I sing ALL the time. In the car, in the shower, in the bedroom while I’m ironing. My poor musically inclined boyfriend is very nice about it — maybe because I’m ironing his shirts — but the truth is, I’m not very good. I can hear the pitches and modulations in a melody, but I can’t always make them with my own voice. Still, I have fun, and that’s good enough for me.
I love to dance. I went from ballet as a girl, to drill team in high school, to contemporary in college. I would say that I am an above average dancer, but not a great one. Still, I always made it into the “upper echelon” of my dance groups because I worked really, really hard. I knew I wasn’t the best, so I tried to make up for my deficit in talent with an abundance of passion and effort.
I am a writer. Some level of innate talent was identified at a young age, and I’ve spent almost two decades trying to nurture that. At first, my goal was literary acclaim. Glowing reviews, tons of awards, the Pulitzer, maybe even a Nobel. Then I just wanted to be a bestseller. (“Just.” Ha.) Pleasing readers is more important than pleasing other writers, I told myself. Now… Now I just want to write as well as I can. No matter who’s reading or reviewing. No matter who isn’t.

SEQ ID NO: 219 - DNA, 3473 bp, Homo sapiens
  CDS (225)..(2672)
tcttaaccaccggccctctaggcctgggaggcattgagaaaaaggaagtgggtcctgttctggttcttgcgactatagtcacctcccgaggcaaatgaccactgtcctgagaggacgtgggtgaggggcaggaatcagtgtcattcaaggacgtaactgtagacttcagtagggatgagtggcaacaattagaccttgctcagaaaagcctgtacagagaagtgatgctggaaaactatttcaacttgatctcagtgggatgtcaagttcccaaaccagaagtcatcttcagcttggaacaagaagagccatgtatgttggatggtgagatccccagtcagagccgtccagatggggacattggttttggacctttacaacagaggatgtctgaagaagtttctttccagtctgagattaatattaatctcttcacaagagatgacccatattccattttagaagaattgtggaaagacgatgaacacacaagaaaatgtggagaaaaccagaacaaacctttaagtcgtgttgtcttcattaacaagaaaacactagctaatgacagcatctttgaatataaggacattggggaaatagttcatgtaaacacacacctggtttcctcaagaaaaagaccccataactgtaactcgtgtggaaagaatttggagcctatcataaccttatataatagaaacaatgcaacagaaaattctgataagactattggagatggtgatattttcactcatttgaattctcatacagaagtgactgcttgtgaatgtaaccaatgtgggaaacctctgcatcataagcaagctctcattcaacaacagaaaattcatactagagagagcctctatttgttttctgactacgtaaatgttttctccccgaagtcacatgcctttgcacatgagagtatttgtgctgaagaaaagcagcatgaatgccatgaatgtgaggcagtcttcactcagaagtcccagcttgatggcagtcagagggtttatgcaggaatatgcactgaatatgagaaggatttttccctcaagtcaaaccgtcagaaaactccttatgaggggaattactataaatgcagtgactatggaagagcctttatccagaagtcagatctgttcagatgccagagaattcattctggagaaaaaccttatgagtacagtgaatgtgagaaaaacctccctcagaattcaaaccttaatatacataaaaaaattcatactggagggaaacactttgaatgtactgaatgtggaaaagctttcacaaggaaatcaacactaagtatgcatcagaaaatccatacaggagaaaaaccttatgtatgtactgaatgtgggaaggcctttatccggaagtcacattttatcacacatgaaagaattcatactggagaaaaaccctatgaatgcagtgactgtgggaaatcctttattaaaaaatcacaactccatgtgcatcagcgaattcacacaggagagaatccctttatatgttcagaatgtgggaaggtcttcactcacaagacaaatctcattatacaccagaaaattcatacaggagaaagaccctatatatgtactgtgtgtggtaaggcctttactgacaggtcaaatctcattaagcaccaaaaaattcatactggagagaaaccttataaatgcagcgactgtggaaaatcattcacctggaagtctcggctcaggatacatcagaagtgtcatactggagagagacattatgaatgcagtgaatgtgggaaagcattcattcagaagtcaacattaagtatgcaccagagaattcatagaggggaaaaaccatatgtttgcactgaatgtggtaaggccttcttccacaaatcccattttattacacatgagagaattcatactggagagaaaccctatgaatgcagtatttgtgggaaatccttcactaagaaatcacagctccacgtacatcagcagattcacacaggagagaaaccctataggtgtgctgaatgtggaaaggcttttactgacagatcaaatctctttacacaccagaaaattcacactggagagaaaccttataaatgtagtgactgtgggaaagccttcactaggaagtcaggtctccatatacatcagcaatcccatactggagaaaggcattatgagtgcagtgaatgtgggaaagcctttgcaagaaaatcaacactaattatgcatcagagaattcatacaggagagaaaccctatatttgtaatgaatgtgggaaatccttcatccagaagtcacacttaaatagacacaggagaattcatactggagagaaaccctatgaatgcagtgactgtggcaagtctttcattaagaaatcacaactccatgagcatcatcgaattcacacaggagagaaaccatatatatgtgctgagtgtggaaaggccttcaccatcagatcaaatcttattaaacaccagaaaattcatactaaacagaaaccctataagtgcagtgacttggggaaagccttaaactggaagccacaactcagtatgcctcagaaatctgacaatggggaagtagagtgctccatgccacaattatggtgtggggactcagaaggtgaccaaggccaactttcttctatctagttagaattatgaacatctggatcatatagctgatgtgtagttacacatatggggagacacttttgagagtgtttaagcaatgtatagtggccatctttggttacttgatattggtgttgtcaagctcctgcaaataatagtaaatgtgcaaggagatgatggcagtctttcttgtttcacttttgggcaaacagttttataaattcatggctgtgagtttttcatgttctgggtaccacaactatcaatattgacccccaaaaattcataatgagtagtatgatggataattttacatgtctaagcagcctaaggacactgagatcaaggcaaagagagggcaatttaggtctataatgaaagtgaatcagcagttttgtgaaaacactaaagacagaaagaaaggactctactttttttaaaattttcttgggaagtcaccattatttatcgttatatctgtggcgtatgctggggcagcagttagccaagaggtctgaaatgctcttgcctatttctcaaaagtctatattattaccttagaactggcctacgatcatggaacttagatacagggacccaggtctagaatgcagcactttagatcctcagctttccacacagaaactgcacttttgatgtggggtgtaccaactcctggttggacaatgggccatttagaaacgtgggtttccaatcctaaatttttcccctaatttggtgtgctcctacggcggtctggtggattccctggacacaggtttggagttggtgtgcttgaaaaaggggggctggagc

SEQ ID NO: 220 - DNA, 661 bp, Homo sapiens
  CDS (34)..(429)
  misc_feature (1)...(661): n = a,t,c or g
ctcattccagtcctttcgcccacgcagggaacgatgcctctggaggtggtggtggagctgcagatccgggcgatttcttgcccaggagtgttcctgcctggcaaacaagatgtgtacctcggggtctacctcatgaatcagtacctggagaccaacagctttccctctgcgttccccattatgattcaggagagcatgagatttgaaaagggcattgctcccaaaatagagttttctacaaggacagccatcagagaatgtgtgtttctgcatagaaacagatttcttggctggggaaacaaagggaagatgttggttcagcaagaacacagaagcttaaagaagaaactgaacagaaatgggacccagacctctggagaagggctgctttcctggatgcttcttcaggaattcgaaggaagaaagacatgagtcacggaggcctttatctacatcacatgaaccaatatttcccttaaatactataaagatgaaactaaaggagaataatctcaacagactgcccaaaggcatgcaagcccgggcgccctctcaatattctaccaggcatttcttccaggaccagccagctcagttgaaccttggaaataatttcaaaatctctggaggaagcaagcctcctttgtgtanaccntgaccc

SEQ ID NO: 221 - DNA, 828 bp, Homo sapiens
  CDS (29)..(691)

Some people might view the change in my goals as a lowering of standards. For me, it’s about understanding and accepting my limits. I mean that in 2 ways. First: Neither literary acclaim nor blockbuster sales are within my control. That’s just the reality. And that’s okay. Second, and this may also be a reality: I might not be cut out to be a professional writer. After a lot of internal struggle, I realized that’s okay too.
5. The Point [Read more…]